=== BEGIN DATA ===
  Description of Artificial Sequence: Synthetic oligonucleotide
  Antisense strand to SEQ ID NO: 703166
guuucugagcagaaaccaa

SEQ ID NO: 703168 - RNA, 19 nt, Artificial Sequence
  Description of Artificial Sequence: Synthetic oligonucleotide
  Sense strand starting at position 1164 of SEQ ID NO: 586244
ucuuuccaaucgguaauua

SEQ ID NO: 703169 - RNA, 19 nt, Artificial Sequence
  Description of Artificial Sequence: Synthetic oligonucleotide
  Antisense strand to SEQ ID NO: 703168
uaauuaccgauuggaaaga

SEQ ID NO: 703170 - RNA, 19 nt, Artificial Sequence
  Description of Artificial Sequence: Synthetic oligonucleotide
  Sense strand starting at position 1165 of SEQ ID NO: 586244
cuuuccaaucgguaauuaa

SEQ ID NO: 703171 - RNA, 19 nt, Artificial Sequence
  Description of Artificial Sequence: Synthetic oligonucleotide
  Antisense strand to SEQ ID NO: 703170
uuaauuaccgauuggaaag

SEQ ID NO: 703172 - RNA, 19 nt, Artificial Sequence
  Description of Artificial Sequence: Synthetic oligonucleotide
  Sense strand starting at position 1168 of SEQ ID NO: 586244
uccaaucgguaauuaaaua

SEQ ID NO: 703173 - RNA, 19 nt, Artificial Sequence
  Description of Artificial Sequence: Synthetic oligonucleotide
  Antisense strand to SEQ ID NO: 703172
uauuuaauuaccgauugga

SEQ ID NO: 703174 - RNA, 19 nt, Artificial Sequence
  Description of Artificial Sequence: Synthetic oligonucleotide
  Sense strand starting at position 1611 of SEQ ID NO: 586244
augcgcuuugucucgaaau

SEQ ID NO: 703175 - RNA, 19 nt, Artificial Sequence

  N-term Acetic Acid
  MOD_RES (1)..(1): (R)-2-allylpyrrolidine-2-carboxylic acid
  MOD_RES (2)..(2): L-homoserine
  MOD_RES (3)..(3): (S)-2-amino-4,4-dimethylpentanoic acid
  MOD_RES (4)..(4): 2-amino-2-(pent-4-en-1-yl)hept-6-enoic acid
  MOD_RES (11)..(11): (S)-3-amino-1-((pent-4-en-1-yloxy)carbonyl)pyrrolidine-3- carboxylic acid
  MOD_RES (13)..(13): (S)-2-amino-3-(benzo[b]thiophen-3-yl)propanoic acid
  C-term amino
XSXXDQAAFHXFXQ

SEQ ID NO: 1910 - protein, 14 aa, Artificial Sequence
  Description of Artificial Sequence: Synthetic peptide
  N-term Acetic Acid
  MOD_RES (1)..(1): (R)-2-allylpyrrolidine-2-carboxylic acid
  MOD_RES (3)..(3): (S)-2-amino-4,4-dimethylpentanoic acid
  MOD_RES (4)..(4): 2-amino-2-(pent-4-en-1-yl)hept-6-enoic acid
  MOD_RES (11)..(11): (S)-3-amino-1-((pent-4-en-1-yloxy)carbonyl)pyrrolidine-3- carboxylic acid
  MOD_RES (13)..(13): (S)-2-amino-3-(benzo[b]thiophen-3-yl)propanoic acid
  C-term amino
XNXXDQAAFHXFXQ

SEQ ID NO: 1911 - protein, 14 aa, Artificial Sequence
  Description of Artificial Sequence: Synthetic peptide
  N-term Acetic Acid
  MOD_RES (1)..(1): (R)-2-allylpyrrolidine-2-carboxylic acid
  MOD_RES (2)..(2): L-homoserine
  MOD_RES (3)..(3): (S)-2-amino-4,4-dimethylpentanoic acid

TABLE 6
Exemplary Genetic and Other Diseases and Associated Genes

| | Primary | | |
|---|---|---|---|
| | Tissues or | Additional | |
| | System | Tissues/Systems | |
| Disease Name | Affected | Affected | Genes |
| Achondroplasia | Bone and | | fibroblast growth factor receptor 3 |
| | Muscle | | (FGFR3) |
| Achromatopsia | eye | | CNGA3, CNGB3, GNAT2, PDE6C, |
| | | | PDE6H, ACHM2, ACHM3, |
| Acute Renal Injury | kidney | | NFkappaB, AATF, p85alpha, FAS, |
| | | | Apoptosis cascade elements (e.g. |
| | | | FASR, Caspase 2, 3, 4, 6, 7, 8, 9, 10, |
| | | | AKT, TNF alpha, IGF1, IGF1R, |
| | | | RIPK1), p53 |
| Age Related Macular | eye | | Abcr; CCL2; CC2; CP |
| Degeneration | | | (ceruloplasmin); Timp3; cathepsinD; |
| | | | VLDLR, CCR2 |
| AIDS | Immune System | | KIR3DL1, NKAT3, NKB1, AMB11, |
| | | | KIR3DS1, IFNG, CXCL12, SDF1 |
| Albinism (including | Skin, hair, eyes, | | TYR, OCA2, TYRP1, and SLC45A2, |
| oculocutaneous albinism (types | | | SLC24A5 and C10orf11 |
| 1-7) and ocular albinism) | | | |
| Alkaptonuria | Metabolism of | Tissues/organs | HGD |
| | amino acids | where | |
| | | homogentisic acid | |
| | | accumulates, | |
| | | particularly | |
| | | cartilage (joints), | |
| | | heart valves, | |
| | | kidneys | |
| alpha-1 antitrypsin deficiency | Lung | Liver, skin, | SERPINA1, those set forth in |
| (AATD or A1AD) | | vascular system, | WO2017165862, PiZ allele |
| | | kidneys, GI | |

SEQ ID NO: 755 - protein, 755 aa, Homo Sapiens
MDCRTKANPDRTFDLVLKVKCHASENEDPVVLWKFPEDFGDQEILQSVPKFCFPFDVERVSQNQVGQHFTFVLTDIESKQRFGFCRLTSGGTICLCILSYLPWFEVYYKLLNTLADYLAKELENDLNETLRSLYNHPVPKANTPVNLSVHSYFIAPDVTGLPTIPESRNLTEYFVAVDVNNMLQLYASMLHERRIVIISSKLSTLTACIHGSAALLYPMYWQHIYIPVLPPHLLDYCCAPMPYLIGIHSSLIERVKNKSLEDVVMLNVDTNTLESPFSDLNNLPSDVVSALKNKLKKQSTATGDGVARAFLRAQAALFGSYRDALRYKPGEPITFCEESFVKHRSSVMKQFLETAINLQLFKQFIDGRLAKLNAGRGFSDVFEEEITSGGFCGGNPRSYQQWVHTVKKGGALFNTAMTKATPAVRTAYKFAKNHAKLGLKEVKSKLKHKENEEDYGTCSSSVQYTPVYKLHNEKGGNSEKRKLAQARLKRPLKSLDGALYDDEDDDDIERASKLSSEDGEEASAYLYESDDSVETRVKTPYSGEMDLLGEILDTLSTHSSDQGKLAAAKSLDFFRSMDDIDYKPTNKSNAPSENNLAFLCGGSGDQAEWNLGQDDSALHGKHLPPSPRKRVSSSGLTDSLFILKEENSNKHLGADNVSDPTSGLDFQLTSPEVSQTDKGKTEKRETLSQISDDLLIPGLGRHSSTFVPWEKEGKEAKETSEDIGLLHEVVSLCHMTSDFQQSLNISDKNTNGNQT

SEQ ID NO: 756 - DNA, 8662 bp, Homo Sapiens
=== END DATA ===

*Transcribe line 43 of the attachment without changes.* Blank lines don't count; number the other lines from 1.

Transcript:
  Description of Artificial Sequence: Synthetic peptide